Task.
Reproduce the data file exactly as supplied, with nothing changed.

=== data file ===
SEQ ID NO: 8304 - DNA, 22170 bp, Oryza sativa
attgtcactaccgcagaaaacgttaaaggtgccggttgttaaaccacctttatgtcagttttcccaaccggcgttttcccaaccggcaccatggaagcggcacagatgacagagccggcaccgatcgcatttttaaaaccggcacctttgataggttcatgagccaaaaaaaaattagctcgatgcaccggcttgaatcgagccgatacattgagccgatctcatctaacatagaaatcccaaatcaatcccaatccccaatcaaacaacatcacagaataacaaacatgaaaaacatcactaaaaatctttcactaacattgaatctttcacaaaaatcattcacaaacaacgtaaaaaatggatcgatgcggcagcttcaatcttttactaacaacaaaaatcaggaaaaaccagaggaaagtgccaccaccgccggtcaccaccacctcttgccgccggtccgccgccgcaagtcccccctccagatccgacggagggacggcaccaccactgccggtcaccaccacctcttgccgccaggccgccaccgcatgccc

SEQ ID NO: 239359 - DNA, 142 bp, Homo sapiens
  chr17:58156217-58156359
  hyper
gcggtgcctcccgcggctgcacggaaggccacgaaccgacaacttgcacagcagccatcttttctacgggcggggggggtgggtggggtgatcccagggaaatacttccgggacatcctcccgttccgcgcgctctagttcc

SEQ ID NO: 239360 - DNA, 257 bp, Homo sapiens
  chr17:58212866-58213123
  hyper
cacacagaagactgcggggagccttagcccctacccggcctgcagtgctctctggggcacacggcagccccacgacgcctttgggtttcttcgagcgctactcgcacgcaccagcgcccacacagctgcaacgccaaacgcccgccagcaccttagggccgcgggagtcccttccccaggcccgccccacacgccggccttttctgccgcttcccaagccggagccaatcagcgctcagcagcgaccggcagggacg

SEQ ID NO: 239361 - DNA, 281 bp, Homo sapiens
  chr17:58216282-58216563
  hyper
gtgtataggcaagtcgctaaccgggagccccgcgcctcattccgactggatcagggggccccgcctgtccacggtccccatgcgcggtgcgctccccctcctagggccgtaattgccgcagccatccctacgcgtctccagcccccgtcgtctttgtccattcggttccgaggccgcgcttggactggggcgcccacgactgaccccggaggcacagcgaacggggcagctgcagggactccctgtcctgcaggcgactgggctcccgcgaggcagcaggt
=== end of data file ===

SEQ ID NO: 8304 - DNA, 22170 bp, Oryza sativa
attgtcactaccgcagaaaacgttaaaggtgccggttgttaaaccacctttatgtcagttttcccaaccggcgttttcccaaccggcaccatggaagcggcacagatgacagagccggcaccgatcgcatttttaaaaccggcacctttgataggttcatgagccaaaaaaaaattagctcgatgcaccggcttgaatcgagccgatacattgagccgatctcatctaacatagaaatcccaaatcaatcccaatccccaatcaaacaacatcacagaataacaaacatgaaaaacatcactaaaaatctttcactaacattgaatctttcacaaaaatcattcacaaacaacgtaaaaaatggatcgatgcggcagcttcaatcttttactaacaacaaaaatcaggaaaaaccagaggaaagtgccaccaccgccggtcaccaccacctcttgccgccggtccgccgccgcaagtcccccctccagatccgacggagggacggcaccaccactgccggtcaccaccacctcttgccgccaggccgccaccgcatgccc

SEQ ID NO: 239359 - DNA, 142 bp, Homo sapiens
  chr17:58156217-58156359
  hyper
gcggtgcctcccgcggctgcacggaaggccacgaaccgacaacttgcacagcagccatcttttctacgggcggggggggtgggtggggtgatcccagggaaatacttccgggacatcctcccgttccgcgcgctctagttcc

SEQ ID NO: 239360 - DNA, 257 bp, Homo sapiens
  chr17:58212866-58213123
  hyper
cacacagaagactgcggggagccttagcccctacccggcctgcagtgctctctggggcacacggcagccccacgacgcctttgggtttcttcgagcgctactcgcacgcaccagcgcccacacagctgcaacgccaaacgcccgccagcaccttagggccgcgggagtcccttccccaggcccgccccacacgccggccttttctgccgcttcccaagccggagccaatcagcgctcagcagcgaccggcagggacg

SEQ ID NO: 239361 - DNA, 281 bp, Homo sapiens
  chr17:58216282-58216563
  hyper
gtgtataggcaagtcgctaaccgggagccccgcgcctcattccgactggatcagggggccccgcctgtccacggtccccatgcgcggtgcgctccccctcctagggccgtaattgccgcagccatccctacgcgtctccagcccccgtcgtctttgtccattcggttccgaggccgcgcttggactggggcgcccacgactgaccccggaggcacagcgaacggggcagctgcagggactccctgtcctgcaggcgactgggctcccgcgaggcagcaggt